epineurium


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Related to epineurium: endoneurium

epineurium

 [ep″ĭ-noor´e-um]
the sheath of a peripheral nerve. adj., adj epineu´rial.

ep·i·neu·ri·um

(ep'i-nū'rē-ŭm), [TA]
The outermost supporting structure of peripheral nerve trunks, consisting of a condensation of areolar connective tissue; subdivided into those layers that surround the whole nerve trunk (epifascicular epineurium), and those layers that extend between the nerve fascicles (interfascicular epineurium). With the endoneurium and perineurium, the epineurium comprises the peripheral nerve stroma.
[epi- + G. neuron, nerve]

epineurium

/epi·neu·ri·um/ (-noor´e-um) the outermost layer of connective tissue of a peripheral nerve.epineu´rial

epineurium

(ĕp′ə-no͝or′ē-əm, -nyo͝or′-)
n. pl. epi·neuria (-no͝or′ē-ə, -nyo͝or′-)
The thick sheath of connective tissue surrounding a nerve trunk.

ep′i·neu′ri·al adj.

ep·i·neu·ri·um

(ep'i-nūr'ē-ŭm) [TA]
The outermost supporting structure of peripheral nerve trunks, consisting of a condensation of areolar connective tissue; subdivided into those layers that surround the whole nerve trunk (epifascicular epineurium), and those layers that extend between the nerve fascicles (interfascicular epineurium). With the endoneurium and perineurium, the epineurium comprises the peripheral nerve stroma.
[epi- + G. neuron, nerve]

epineurium

The connective tissue sheath of a nerve.

epineurium

connective tissue enclosing a nerve trunk and containing/supporting vasae nervosum and vasorum

ep·i·neu·ri·um

(ep'i-nūr'ē-ŭm) [TA]
The outermost supporting structure of peripheral nerve trunks, consisting of a condensation of areolar connective tissue; subdivided into those layers that surround the whole nerve trunk (epifascicular epineurium), and those layers that extend between the nerve fascicles (interfascicular epineurium). With the endoneurium and perineurium, the epineurium comprises the peripheral nerve stroma.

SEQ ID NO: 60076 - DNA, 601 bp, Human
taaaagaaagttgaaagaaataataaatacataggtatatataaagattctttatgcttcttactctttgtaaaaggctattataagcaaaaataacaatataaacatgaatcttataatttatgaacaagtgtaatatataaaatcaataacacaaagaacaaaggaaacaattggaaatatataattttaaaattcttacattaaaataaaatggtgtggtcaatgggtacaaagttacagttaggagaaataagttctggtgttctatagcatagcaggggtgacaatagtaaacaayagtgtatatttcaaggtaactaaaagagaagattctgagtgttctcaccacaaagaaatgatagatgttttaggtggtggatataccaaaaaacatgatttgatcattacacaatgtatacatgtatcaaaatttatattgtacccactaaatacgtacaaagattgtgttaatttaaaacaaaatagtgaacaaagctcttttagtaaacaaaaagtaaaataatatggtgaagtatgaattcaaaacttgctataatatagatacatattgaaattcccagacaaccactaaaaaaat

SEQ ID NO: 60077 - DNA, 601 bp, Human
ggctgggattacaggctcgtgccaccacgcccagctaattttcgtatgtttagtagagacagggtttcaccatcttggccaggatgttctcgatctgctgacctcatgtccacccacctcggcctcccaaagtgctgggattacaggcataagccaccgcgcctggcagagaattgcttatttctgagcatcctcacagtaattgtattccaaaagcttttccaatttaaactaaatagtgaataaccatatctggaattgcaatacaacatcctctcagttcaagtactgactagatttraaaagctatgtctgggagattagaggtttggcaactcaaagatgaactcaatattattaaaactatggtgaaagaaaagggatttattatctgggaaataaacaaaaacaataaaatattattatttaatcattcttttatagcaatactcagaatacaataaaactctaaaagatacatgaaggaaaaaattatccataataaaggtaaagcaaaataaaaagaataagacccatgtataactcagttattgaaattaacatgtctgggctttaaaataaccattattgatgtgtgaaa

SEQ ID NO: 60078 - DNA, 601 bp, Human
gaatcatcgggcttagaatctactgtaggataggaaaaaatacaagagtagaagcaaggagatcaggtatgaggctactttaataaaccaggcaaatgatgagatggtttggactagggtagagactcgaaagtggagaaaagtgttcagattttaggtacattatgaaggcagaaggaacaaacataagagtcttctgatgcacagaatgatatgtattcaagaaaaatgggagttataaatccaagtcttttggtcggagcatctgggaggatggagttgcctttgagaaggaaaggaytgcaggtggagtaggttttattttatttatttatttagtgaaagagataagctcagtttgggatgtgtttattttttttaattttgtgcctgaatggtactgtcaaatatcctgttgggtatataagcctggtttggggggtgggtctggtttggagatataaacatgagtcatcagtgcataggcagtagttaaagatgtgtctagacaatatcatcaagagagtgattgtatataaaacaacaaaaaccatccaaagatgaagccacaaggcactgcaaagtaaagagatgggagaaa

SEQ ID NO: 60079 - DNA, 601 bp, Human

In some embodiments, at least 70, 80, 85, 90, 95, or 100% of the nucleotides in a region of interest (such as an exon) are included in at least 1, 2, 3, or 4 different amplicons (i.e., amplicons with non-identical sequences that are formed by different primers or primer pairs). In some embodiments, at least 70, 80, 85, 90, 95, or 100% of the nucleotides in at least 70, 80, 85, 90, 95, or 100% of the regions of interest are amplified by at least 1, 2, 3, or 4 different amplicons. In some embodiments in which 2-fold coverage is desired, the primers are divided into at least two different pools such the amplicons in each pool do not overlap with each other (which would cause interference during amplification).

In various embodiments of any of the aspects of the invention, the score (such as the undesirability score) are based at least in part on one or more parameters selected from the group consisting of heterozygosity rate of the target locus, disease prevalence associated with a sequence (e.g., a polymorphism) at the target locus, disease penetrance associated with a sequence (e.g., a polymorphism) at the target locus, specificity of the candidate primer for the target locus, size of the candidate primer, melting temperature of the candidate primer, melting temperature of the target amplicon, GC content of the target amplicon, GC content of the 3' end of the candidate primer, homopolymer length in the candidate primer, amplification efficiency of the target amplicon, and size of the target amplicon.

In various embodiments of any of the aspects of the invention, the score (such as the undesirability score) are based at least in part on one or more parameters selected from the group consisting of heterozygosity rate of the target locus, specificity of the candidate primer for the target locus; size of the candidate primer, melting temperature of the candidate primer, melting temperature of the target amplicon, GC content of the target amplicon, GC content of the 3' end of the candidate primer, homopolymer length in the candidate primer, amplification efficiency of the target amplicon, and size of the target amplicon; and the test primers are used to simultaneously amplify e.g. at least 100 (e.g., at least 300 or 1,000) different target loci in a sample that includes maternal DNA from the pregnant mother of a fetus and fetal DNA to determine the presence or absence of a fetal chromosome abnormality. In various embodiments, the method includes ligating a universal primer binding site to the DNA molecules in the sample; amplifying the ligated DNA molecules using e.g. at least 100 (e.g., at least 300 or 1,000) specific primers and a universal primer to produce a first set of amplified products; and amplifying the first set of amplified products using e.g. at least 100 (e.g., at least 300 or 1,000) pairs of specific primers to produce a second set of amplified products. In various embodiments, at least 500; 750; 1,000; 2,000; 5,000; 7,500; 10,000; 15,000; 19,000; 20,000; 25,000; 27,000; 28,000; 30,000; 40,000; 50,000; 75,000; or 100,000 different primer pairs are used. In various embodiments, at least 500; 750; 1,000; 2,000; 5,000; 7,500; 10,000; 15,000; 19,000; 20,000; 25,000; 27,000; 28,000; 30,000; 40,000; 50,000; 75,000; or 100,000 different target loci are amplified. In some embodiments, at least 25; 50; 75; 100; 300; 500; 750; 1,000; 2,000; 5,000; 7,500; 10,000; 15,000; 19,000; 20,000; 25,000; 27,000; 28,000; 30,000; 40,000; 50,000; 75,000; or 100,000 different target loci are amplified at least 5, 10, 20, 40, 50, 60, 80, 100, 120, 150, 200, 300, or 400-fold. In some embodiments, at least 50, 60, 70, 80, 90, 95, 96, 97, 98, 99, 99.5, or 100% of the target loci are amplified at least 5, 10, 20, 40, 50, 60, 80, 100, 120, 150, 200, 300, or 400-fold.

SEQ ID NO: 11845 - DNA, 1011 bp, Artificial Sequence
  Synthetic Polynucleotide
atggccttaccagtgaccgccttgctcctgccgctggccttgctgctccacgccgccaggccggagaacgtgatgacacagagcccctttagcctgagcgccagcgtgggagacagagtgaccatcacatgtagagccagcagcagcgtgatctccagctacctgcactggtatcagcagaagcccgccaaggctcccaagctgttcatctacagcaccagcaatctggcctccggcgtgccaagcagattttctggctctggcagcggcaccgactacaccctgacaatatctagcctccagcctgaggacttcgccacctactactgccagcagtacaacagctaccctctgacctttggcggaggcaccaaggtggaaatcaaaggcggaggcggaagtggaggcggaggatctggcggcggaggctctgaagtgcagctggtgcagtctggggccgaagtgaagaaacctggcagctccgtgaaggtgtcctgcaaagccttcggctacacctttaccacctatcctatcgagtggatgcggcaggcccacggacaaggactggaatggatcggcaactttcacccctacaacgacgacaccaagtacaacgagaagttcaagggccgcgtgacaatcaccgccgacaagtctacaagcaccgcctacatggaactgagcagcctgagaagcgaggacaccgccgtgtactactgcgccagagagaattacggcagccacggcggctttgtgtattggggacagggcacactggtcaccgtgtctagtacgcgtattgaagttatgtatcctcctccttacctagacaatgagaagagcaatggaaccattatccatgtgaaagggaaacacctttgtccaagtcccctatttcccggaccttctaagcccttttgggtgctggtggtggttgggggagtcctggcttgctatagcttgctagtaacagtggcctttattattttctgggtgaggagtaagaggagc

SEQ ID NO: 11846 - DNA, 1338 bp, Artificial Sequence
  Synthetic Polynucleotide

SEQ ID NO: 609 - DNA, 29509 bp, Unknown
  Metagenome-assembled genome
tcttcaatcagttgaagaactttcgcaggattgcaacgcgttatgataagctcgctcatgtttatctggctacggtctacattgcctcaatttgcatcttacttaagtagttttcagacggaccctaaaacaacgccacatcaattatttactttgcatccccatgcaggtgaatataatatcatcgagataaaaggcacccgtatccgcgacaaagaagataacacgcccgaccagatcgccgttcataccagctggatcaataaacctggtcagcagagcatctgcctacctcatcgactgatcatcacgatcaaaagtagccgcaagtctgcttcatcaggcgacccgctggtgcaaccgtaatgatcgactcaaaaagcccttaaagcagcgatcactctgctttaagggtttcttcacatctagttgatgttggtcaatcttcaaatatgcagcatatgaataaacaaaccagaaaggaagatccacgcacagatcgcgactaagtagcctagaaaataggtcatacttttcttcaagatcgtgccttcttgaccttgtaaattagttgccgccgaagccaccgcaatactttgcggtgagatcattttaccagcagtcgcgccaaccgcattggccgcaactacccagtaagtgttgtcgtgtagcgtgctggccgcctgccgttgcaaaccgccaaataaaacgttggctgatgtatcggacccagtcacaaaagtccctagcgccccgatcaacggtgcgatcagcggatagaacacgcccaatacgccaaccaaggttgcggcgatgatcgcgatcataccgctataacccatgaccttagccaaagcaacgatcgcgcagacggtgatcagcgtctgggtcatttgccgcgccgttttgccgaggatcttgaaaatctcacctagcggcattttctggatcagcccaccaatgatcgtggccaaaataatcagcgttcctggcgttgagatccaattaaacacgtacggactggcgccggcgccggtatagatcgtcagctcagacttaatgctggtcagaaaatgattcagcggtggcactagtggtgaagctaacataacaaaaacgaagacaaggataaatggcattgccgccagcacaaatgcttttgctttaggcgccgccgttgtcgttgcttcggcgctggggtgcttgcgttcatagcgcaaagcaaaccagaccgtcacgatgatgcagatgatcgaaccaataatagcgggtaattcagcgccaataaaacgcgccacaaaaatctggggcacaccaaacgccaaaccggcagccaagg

[epi- + G. neuron, nerve]

epineurium

the sheath of a peripheral nerve.
References in periodicals archive ?
Epineural repair involves placing sutures in the epineurium, whereas fascicular repair attempts to align individual groups of fascicles together.
Table 1 Nerve Injury Classifications Prognosis for Sunderland Spontaneous Seddon Grade Grade Structures Injured Recovery Neuropraxia 1 Myelin Full Axonotmesis 2 Myelin, Axons Functional 3 Myelin, Axons, Endoneurium Incomplete 4 Myelin, Axons, Endoneurium, None Perineurium Neurotmesis 5 Myelin, Axons, Endoneurium, None Perineurium, Epineurium Table 2 MRC Grades of Muscle Strength Grade Motor Function 0 No movement or contraction 1 Trace movement or fasciculations 2 Active motion with gravity eliminated 3 Active motion against gravity only 4 Active motion against some resistance 5 Full strength Table 3 Summary of Incidences of Lower Extremity Nerve Injuries Traumatic Iatrogenic Femoral Nerve Acetabulum THA overall: 0.
Epineurial repair involves aligning the nerve ends and placing sutures through the epineurium only.
It is important to try to suture only the epineurium and not pass the needle and suture through the fascicles, as this can create more damage and scarring, yielding a poorer result.
Extirpation of the tumor was performed via a longitudinal access incision through the epineurium and careful separation of the nerve and tumor (Figure 3).
Repair of the epineurium is not required and the longitudinally split muscle is repaired loosely over the nerve.
The epineurium is transected and spontaneous recovery is negligible, therefore, surgical intervention is indicated.
If the epineurium and fascicles are neatly divided and have minimal contusion, primary repair without tension can be performed.
When a neurilemmoma arises from a major peripheral nerve, Seddon recommends enucleation by incision of the epineurium and dissection between the tumor capsule and the nerve fasciculi.
The next outermost layer is the epineurium, a dense white covering of collagen and elastic fibers.